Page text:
Reading is for everyone, even those with no bookshelf

In The L.A. Times, I just read a touching article by YA author Amy Goldman Koss about her efforts to offer reading material to the homeless. Her program is in a Glendale, California homeless shelter, but I was reminded of the role libraries play in the lives of the homeless, as well.

In local libraries, I’ve encountered the homeless on nearly every visit. Many patrons will complain about their presence, but to me, the fact that they can access reading materials, computers, and–yes–water fountains and bathrooms, adds beauty to an institution I already cherish.

Last year, in an article in Salon, Evelyn Nieves wrote that the libraries in San Francisco has officially recognized the centrality of libraries in the lives of many homeless, and is using this role to bring additional services to this population. The program has been so successful, other library systems are emulating it.

But other library systems sympathize more with the patrons who complain about “inappropriate” smells and behavior which may accompany homeless library visitors.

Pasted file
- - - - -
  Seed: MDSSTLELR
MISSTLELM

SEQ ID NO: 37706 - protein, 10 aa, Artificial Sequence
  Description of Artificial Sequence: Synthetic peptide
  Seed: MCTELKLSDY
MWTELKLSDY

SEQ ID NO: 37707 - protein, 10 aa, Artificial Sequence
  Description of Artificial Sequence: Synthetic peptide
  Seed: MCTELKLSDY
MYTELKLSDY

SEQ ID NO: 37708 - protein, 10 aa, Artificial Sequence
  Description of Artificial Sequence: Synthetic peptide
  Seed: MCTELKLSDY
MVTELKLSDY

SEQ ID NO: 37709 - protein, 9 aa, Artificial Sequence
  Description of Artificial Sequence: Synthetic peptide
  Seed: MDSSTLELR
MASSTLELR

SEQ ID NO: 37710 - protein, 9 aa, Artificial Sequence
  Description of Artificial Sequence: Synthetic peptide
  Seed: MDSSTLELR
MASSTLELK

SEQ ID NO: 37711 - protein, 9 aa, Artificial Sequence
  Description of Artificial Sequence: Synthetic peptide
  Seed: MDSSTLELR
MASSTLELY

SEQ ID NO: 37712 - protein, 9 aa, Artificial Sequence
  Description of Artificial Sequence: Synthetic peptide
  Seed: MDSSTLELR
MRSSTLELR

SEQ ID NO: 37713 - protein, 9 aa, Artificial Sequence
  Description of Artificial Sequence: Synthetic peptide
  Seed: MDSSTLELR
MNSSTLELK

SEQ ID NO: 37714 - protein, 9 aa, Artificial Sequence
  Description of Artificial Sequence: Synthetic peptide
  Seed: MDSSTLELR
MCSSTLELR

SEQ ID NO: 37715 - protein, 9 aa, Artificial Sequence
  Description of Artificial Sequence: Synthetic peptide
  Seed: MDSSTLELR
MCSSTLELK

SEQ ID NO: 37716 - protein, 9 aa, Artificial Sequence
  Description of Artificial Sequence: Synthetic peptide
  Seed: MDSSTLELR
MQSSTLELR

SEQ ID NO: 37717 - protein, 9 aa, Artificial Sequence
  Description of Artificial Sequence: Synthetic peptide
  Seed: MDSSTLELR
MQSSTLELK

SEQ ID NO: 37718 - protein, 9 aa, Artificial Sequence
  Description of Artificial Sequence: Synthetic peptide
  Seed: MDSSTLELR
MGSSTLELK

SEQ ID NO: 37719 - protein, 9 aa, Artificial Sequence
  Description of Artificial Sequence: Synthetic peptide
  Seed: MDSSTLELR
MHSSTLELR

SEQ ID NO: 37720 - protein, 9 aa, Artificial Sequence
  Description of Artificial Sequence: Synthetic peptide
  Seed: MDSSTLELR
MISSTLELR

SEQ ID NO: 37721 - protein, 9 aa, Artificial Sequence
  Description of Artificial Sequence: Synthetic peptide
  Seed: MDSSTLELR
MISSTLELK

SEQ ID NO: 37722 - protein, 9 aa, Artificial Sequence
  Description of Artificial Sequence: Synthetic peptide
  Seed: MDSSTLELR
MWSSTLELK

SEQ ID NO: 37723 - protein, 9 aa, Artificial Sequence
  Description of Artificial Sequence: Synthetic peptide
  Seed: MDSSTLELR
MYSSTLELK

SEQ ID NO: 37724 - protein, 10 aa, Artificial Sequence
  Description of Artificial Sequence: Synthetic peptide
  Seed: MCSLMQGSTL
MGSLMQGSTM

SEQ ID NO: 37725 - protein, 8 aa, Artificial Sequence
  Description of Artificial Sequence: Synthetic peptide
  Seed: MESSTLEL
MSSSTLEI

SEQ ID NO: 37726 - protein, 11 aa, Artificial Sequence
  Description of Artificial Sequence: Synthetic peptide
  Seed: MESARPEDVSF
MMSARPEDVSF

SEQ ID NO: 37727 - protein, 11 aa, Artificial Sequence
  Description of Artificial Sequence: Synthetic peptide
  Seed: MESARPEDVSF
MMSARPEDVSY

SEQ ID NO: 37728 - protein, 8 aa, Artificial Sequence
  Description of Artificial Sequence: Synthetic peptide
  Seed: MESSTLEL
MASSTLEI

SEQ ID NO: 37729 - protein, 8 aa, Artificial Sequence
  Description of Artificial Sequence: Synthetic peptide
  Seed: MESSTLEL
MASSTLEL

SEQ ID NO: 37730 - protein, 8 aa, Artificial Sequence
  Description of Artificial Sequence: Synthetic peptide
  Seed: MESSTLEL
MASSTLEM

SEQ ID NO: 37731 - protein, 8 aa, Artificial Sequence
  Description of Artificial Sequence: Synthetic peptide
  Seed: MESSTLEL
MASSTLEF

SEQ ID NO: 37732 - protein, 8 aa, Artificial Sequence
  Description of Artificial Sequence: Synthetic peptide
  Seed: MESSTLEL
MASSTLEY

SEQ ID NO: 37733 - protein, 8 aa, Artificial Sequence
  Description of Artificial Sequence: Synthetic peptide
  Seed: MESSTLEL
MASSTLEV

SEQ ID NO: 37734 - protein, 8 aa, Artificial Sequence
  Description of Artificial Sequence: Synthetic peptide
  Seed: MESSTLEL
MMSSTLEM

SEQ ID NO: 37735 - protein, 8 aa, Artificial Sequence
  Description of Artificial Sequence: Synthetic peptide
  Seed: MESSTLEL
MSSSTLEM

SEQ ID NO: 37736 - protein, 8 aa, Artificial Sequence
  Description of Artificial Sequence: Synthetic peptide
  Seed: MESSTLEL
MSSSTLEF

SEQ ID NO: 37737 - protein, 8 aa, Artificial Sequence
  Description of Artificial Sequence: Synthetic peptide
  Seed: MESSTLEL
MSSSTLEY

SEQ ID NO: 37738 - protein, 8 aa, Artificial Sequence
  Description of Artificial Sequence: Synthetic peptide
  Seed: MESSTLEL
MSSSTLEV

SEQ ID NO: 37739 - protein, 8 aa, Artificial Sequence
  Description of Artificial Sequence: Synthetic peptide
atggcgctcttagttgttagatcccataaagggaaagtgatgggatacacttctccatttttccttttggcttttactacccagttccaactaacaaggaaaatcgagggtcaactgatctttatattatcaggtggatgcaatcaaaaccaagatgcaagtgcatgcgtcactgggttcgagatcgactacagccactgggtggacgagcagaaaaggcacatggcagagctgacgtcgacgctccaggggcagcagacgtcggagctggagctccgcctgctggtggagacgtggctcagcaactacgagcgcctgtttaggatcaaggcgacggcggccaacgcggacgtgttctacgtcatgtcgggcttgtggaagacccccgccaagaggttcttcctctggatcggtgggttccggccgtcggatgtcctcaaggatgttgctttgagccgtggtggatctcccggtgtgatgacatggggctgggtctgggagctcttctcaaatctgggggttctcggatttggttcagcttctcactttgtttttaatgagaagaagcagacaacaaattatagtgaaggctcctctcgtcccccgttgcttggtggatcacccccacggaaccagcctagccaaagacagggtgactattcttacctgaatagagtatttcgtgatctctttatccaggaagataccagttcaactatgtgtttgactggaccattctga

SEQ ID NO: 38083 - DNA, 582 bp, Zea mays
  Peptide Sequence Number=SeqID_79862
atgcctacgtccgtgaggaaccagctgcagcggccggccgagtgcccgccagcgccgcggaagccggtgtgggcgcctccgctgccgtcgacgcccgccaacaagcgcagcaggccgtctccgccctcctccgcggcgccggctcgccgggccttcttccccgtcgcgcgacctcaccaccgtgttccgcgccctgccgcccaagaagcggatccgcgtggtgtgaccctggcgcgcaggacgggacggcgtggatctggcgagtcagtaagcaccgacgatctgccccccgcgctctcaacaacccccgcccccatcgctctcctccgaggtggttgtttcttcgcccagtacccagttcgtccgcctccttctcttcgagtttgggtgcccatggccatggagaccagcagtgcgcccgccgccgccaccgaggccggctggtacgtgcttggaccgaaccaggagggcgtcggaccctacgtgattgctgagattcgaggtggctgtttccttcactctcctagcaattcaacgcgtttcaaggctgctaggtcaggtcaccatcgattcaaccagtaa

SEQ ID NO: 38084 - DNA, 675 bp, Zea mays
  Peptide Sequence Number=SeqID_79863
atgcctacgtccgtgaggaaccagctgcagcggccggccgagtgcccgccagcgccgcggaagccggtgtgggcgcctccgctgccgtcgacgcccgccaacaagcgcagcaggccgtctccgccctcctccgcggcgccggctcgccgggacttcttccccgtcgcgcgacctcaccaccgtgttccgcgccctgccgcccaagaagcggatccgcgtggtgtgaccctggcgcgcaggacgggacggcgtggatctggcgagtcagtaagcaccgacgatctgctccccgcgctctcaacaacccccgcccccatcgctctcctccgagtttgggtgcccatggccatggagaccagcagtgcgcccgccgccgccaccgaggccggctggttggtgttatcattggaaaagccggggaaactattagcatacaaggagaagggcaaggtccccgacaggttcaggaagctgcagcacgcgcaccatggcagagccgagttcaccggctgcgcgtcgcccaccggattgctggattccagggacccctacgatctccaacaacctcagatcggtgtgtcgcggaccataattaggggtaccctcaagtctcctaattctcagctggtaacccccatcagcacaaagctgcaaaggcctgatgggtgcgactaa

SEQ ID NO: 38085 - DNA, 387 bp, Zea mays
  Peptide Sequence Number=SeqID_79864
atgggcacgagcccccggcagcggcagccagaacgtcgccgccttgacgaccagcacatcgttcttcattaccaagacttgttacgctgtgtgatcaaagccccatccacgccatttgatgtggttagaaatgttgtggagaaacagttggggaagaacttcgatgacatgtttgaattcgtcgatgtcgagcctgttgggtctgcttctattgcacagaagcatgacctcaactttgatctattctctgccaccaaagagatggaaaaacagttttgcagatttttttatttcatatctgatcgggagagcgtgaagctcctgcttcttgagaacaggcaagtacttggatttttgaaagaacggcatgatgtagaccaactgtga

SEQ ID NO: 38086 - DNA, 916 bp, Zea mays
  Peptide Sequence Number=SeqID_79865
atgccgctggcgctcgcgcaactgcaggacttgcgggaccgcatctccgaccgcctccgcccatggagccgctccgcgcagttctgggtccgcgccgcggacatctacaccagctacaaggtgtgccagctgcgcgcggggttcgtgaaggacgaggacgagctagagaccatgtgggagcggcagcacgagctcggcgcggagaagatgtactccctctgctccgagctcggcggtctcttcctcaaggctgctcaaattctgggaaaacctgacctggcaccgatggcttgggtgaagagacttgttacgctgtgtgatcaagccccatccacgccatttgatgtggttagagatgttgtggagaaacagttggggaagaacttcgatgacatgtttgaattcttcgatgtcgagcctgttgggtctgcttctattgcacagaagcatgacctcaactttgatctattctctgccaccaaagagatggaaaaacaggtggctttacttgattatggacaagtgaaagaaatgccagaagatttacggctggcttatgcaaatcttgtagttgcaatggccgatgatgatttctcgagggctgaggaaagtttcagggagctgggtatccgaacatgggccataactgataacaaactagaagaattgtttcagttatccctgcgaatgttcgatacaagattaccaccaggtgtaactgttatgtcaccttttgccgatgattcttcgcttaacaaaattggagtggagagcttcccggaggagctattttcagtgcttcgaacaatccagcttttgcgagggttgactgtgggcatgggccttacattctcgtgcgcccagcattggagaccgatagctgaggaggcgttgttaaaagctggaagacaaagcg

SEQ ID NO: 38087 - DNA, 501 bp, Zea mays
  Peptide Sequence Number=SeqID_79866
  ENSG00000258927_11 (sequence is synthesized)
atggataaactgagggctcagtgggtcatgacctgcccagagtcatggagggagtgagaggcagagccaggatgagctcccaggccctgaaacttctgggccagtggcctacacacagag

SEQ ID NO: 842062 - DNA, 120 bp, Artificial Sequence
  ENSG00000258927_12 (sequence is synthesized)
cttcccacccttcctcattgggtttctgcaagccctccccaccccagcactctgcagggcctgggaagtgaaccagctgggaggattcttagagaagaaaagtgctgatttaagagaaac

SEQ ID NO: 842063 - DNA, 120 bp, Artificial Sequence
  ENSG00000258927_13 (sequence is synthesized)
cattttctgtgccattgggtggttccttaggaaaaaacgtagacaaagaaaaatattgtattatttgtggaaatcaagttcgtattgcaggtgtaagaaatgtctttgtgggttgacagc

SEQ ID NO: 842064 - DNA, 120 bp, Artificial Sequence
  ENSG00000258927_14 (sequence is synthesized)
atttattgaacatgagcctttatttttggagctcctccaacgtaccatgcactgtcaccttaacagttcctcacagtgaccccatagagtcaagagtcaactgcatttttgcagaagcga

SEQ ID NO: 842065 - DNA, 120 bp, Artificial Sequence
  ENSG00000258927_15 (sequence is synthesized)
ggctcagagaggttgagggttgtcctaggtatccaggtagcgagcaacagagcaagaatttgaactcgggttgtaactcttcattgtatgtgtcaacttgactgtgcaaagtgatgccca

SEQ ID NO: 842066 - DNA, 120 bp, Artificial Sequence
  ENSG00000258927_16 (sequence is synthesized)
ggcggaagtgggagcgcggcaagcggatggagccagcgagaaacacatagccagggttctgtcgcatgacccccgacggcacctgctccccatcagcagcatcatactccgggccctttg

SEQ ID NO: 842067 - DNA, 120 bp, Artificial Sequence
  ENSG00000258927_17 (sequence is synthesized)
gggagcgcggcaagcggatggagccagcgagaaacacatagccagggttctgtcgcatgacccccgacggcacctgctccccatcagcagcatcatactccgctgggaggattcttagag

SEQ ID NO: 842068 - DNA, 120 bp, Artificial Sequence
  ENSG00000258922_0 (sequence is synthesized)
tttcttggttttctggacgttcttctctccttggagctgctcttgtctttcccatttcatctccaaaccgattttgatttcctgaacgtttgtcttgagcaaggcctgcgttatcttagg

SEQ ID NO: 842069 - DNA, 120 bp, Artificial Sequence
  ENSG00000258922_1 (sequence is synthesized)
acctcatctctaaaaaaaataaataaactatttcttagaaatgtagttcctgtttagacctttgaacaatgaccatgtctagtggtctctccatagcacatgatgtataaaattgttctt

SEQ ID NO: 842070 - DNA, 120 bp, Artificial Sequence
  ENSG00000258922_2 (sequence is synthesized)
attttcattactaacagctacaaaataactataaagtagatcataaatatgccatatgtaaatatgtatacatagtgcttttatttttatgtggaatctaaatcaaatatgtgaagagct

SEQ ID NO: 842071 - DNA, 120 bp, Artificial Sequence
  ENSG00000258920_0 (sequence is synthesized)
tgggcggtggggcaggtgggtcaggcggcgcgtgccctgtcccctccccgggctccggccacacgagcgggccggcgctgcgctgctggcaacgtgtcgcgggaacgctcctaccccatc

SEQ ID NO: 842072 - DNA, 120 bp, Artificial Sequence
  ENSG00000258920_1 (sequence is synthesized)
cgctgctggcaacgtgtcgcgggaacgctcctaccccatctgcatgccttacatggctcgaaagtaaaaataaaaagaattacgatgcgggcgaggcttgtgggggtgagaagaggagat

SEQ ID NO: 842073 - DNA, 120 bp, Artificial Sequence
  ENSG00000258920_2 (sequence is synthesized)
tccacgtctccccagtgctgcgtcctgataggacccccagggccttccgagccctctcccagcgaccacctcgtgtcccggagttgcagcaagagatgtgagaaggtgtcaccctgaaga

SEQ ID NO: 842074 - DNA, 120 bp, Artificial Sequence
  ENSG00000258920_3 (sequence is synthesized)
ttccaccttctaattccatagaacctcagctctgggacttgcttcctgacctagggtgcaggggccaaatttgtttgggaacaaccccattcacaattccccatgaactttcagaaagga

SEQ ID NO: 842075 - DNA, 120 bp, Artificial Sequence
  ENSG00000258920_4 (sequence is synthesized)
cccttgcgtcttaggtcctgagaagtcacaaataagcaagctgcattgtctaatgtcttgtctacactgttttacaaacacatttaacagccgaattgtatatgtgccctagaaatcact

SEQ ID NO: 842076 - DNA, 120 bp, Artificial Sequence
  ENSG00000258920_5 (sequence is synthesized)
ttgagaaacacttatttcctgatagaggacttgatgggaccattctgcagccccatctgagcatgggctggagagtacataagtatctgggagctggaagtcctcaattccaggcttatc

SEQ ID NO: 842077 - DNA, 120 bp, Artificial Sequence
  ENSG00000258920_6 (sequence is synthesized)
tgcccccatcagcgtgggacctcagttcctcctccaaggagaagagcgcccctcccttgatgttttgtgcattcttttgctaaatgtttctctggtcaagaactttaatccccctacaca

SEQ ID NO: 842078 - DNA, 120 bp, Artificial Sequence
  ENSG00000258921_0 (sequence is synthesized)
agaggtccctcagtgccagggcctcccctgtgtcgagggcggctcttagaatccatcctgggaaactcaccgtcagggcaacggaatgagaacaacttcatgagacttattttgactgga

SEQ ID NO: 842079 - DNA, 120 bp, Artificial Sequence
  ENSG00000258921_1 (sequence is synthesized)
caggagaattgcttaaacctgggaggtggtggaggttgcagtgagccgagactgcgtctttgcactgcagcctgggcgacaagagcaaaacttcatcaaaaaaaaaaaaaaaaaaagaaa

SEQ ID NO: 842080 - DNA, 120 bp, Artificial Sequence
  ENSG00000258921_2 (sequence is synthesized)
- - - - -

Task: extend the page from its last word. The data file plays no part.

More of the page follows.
The ALA–American Library Association–doesn’t tell libraries what to do, but they do have information for libraries about their homeless patrons available for librarians to access should they need resources and advice.

Any thoughts? Share yours in the comments.

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2 thoughts on “Reading is for everyone, even those with no bookshelf

  1. Unsurprisingly, I am in total agreement with you on this one. A few additional thoughts. Libraries today are often key contact points in providing social services, from job-skills training and parenting classes to computer access and serving as access points to other local government agencies. I think that libraries should have “empathy cards” to hand out to complainers, saying things like “imagine yourself wanting to escape into a book but not having one,” “try looking for a job or a bed for the night without e-mail,” “everyone deserves to be somewhere safe and dry,” “every time you are upset about a homeless person, do something to alleviate homelessness by donating,” or “what if you had nowhere else to bathe”?

    Like

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